Last week, a few members of DCTC attended the Prison Rape Elimination Commission’s press conference as they released their report and proposed standards “to prevent and respond to sexual abuse in U.S. confinement and detention facilities”, including prisons, jails, youth lockups and immigrant facilities. The standards have been delivered to President Obama and his Attorney General, who now have one year to approve them.
There is a lot in the report that is relevant to people organizing for justice in the lives of trans and gender nonconforming people. Rather than writing our own analysis of the recommendations, you can read the summary put together by the National Center for Transgender Equality (also below the cut).
We’d like to add, however, that many of the recommendations to reduce sexual assault and increase safety are measures that we fought long and hard for here at the DC Department of Corrections, many of which we won. The release of the PREC report is a good opportunity to reinforce why it is important to continue the work to make sure that standards like this are actually enforced.
Eliminating Prison Rape
This morning, the National Prison Rape Elimination Commission issued a comprehensive report of its work to investigate the causes and impact of sexual assault in prison and their recommendations of ways to address and eliminate this crime. The bipartisan commission was formed as a result of the Prison Rape Elimination Act of 2003, which was passed unanimously by both houses of Congress.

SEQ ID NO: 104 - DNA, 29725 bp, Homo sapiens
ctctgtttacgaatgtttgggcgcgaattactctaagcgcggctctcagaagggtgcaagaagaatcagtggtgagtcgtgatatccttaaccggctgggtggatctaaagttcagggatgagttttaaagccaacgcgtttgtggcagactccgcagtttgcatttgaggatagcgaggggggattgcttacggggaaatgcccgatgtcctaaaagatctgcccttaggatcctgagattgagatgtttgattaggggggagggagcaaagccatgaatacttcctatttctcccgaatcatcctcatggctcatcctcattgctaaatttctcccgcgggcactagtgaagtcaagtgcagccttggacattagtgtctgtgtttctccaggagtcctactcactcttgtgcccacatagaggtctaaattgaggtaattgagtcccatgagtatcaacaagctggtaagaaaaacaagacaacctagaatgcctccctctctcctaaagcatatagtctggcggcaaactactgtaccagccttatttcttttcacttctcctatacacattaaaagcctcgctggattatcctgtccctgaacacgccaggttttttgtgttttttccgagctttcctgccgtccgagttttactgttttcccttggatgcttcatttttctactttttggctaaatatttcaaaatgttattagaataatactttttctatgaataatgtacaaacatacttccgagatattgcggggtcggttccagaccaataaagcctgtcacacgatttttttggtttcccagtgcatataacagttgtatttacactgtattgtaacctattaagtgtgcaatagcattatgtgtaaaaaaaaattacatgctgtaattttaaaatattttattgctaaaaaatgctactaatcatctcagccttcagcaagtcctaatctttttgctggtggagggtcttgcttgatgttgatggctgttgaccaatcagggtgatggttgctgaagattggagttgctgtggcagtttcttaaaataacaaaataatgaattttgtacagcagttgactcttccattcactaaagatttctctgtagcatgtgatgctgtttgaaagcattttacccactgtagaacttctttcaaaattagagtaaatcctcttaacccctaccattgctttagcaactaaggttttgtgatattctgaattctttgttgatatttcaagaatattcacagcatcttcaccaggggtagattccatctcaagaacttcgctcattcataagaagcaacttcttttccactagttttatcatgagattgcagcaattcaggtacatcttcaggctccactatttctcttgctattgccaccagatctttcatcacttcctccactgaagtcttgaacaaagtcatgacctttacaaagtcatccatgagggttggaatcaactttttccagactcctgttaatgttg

The report demonstrates a notable awareness of transgender issues, with sensitivity and specific recommendations to address the very clear and heightened risk of sexual assault faced by transgender people who are incarcerated. At NCTE, we applaud the work of the commission and their inclusion of urgently needed standards to increase the safety of transgender people within the prison system. We particularly want to thank all of the transgender and allied advocates who advised the commission and the transgender people who courageously shared their stories that became a part of this report. The impact of their work is clear here.
The rape of prisoners by officials, guards and other inmates is unconscionable and must never be tolerated. We hope that today’s report will move us one step closer to safety for transgender people who are behind bars.
Some of the transgender specific areas of the report include:
- A recognition that transgender people are particularly at risk for rape and the use of examples of transgender people who have suffered sexual assault
- A call for the determination of inmate placement on an individual basis, which is to include a consideration of multiple factors and not simply genital status
- An emphasis on protection, rather than segregation: “Segregation must be a last resort and interim measure only. The Commission also discourages the creation of specialized units for vulnerable groups and specifically prohibits housing prisoners based solely on their sexual orientation or gender identity because it can lead to demoralizing and dangerous labeling.”
- The need for screening of prisoners for risk factors, including gender identity and gender non-conformity, that could make them more vulnerable to sexual assault
- A recognition of the particular risks faced by transgender girls who housed with boys in youth facilities, as well as the dangers to adult transgender people
- The inclusion of specific language addressing searches of transgender people, “Medical practitioners conduct examinations of transgender individuals to deter¬mine their genital status only in private settings and only when an individual’s genital status is unknown.”
The full report can be ordered, viewed or downloaded on the Commission’s website at http://nprec.us/publication/download/
We will continue to work with advocates for transgender people who are in prison and look to the implementation of the commission’s work.